Date: Wednesday, June 22, 2016
Session Title: Phenomenology and clinical assessment of movement disorders
Session Time: 12:00pm-1:30pm
Location: Exhibit Hall located in Hall B, Level 2
Objective: To define objective handwriting change in Parkinson’s disease (PD) with emphasis on the early stages.
Background: Handwriting is a complex activity that requires precision and dexterity. Writing difficulties usually present as an early symptom of PD. Micrographia, an abnormal reduction in script size, may be observed in PD.
Methods: We undertook a systematic review in October 2015 using EMBASE and PubMed with inclusion and exclusion criteria and search terms: Handwriting OR Writing AND Parkinsonism OR Parkinson’s disease. From eligible studies we extracted information relating to participants, experimental tasks and primary analyses. We next started preliminary handwriting analysis in PD and controls. Participants were asked to copy a standardised sentence three times (“Mary had a little lamb its fleece was white as snow”) on unlined paper using a conventional pen. We focused on decrement in script size, which was measured by calculating the area of letter "a" in the 3rd (W3) and 10th word (W10). (Ling et al. Brain 2012: 135;1141-1153). Progressive reduction in size was represented by a negative slope of the regression line fitted to the letter areas across three consecutive sentences.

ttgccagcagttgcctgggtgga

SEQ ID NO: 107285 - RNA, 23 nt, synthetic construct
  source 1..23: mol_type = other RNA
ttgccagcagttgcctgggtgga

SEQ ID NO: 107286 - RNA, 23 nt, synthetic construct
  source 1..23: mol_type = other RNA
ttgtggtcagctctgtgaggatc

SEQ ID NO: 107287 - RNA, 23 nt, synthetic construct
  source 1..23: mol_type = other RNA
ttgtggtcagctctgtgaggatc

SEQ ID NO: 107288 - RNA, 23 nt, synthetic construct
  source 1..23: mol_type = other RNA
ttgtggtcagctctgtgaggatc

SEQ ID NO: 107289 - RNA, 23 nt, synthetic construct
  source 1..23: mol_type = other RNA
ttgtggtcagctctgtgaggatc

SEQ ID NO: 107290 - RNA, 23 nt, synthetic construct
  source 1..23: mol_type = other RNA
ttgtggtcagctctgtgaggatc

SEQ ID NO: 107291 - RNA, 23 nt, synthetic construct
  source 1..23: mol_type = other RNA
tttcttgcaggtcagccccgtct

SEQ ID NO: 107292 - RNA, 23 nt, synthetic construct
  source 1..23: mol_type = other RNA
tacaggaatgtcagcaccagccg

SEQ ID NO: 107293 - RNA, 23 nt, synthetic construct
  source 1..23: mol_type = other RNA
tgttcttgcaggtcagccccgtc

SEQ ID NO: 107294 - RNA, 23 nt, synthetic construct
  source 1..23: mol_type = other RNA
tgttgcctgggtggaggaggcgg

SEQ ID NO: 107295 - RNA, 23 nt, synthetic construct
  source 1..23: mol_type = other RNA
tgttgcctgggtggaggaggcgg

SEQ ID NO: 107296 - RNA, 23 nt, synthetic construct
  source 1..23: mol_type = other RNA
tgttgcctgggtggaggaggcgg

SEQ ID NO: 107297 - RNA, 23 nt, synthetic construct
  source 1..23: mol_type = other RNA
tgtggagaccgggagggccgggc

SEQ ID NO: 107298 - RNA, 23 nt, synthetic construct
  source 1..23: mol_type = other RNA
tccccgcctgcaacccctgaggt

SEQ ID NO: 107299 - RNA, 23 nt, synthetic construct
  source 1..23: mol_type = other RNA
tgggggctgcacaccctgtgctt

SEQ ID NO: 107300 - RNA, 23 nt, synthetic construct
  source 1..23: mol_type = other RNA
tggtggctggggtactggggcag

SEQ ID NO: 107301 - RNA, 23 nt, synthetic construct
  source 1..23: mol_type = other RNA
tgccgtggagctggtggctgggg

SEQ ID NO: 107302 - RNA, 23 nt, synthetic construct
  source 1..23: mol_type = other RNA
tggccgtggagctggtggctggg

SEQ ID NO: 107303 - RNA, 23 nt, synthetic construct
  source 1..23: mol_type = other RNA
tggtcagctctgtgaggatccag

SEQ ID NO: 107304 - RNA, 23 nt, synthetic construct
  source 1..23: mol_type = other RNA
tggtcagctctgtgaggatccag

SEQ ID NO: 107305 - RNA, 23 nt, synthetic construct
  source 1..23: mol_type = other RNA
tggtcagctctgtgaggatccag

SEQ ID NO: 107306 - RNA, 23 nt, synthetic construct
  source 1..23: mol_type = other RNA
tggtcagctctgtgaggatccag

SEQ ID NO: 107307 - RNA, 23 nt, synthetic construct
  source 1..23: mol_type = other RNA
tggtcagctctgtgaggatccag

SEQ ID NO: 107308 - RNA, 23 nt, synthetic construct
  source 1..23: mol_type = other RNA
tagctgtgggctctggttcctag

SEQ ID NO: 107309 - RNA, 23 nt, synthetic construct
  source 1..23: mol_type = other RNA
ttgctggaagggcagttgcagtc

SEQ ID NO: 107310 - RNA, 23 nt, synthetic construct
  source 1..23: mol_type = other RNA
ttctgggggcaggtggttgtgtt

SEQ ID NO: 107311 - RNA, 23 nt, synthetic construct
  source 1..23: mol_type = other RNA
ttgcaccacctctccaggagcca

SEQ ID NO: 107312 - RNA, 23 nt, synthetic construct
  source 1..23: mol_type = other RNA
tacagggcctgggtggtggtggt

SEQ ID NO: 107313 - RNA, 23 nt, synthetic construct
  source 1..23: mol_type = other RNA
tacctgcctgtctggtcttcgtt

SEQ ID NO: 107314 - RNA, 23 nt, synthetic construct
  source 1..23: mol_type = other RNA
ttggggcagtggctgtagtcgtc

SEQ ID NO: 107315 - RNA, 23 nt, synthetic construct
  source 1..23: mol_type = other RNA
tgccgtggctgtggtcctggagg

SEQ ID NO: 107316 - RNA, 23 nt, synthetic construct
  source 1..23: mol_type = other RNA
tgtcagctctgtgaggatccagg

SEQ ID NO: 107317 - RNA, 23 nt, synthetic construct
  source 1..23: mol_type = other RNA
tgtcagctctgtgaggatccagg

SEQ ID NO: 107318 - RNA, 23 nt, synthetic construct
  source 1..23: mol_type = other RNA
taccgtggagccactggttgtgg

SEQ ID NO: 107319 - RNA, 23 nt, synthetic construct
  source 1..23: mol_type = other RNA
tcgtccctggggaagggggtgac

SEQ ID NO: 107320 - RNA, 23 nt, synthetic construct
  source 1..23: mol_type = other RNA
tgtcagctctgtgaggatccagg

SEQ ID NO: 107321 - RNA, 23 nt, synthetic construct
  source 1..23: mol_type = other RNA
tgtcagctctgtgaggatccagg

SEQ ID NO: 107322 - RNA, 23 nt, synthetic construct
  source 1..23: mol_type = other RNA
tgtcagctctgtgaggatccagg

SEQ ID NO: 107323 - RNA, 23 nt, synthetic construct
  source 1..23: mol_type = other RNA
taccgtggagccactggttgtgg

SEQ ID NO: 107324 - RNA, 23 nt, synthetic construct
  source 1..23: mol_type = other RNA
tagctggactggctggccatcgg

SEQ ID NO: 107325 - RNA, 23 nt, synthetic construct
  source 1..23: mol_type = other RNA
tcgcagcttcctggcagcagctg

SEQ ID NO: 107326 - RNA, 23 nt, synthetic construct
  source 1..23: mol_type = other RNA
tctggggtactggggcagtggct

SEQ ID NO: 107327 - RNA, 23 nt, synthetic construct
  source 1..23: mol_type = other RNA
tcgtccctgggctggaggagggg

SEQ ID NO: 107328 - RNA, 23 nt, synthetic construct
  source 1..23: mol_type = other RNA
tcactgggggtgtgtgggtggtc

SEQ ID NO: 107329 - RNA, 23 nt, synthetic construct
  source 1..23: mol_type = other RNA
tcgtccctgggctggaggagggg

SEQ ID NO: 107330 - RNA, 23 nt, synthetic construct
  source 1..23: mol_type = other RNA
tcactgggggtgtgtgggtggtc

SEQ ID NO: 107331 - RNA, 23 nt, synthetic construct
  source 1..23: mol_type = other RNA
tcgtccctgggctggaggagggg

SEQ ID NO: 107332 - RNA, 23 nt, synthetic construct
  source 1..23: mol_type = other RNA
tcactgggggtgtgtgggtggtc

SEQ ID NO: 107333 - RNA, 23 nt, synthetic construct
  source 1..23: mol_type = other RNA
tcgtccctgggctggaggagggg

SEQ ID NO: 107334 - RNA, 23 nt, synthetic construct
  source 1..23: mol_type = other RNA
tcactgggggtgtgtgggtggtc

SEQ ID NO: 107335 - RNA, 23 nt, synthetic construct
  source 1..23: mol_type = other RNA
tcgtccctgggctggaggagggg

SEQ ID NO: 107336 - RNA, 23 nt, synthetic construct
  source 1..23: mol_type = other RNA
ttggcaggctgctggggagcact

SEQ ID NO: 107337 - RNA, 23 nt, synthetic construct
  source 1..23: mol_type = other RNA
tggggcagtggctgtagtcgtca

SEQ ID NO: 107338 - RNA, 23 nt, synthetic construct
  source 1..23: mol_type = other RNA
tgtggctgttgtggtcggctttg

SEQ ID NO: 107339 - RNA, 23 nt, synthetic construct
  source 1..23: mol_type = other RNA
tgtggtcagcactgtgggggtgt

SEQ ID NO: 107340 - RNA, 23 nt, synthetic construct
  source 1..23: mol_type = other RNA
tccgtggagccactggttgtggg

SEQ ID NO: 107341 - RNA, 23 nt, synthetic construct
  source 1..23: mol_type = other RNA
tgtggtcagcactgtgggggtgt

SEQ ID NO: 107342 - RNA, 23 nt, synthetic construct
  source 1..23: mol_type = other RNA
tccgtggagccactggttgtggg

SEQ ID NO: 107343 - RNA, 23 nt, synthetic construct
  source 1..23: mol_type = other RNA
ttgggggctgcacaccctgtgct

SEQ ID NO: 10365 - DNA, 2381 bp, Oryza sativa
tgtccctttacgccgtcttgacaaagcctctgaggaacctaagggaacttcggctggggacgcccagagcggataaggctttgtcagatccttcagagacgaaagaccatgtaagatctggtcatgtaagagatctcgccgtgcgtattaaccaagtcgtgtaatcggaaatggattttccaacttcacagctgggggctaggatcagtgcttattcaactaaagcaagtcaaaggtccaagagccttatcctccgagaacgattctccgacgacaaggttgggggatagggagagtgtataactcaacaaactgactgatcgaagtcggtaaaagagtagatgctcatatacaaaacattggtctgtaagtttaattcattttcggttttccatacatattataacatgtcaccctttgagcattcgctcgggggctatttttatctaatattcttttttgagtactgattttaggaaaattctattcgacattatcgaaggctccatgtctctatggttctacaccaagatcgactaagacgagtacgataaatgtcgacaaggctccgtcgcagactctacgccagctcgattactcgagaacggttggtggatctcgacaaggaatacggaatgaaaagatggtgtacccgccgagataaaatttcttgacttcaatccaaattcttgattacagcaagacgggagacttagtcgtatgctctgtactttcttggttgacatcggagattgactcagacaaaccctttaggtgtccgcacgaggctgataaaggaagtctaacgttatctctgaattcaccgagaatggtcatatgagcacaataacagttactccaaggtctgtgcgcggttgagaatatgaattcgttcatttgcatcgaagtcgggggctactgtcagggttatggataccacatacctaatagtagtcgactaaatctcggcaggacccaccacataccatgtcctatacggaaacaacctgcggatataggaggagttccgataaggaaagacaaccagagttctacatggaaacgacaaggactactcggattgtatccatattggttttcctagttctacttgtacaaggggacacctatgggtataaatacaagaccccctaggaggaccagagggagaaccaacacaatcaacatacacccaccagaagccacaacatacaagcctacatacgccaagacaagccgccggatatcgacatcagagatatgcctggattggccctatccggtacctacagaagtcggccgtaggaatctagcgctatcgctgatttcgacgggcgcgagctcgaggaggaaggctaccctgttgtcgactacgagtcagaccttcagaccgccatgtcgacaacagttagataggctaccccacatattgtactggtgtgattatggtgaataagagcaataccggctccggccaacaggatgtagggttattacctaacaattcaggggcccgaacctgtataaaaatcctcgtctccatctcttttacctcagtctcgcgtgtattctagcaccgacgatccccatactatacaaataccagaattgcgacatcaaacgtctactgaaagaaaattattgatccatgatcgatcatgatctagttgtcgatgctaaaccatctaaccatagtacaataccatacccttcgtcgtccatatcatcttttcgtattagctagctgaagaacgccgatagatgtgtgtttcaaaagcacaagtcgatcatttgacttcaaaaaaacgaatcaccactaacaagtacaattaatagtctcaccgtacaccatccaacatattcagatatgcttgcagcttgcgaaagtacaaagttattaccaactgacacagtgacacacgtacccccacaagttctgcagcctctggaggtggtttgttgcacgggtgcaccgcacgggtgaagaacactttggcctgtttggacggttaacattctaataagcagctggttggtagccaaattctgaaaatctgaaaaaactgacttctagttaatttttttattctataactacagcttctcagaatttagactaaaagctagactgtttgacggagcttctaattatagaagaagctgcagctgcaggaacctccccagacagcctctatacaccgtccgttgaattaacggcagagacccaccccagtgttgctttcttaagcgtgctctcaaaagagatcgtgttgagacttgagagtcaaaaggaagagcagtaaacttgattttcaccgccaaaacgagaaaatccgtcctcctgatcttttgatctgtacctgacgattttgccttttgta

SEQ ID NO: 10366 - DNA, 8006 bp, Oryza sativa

Results: 57 articles from EMBASE and 5 additional articles from PubMed were deemed suitable for inclusion in the systematic review. There was great heterogeneity in the methods used to assess handwriting in PD. The average number of total participants was 45.6 (patients and controls). The most common experimental task was use of a repetitive "llll" pattern on a graphic tablet, focusing on stroke parameters such as size, velocity and fluency. In preliminary analysis by our group, we observed a decrement in W10 in 75% of PD patients (28 of 37) compared with 63% of controls (29 of 46). The difference was not statistically significant (p=0.49) but differences were more marked in patients that were off at the time of testing (15/18; 83%). Clear differences in handwriting were observed subjectively, and objective analyses will be prioritised henceforth based on the results of the systematic review (e.g. sentence length, sentence sloping and word spacing).
Conclusions: Micrographia is a well-recognised sign in PD, but there is a lack of consensus about how to analyse it objectively. Preliminary analysis suggests that decrement in letter area alone is inadequate and a combination of objective measurements may prove most useful in future.
To cite this abstract in AMA style:C. Simonet, A.J. Noyce, H. Ling, A.J. Lees, T.T. Warner. Handwriting in Parkinson′s disease: Systematic review and preliminary study [abstract]. Mov Disord. 2016; 31 (suppl 2). https://www.mdsabstracts.org/abstract/handwriting-in-parkinsons-disease-systematic-review-and-preliminary-study/. Accessed September 22, 2023.
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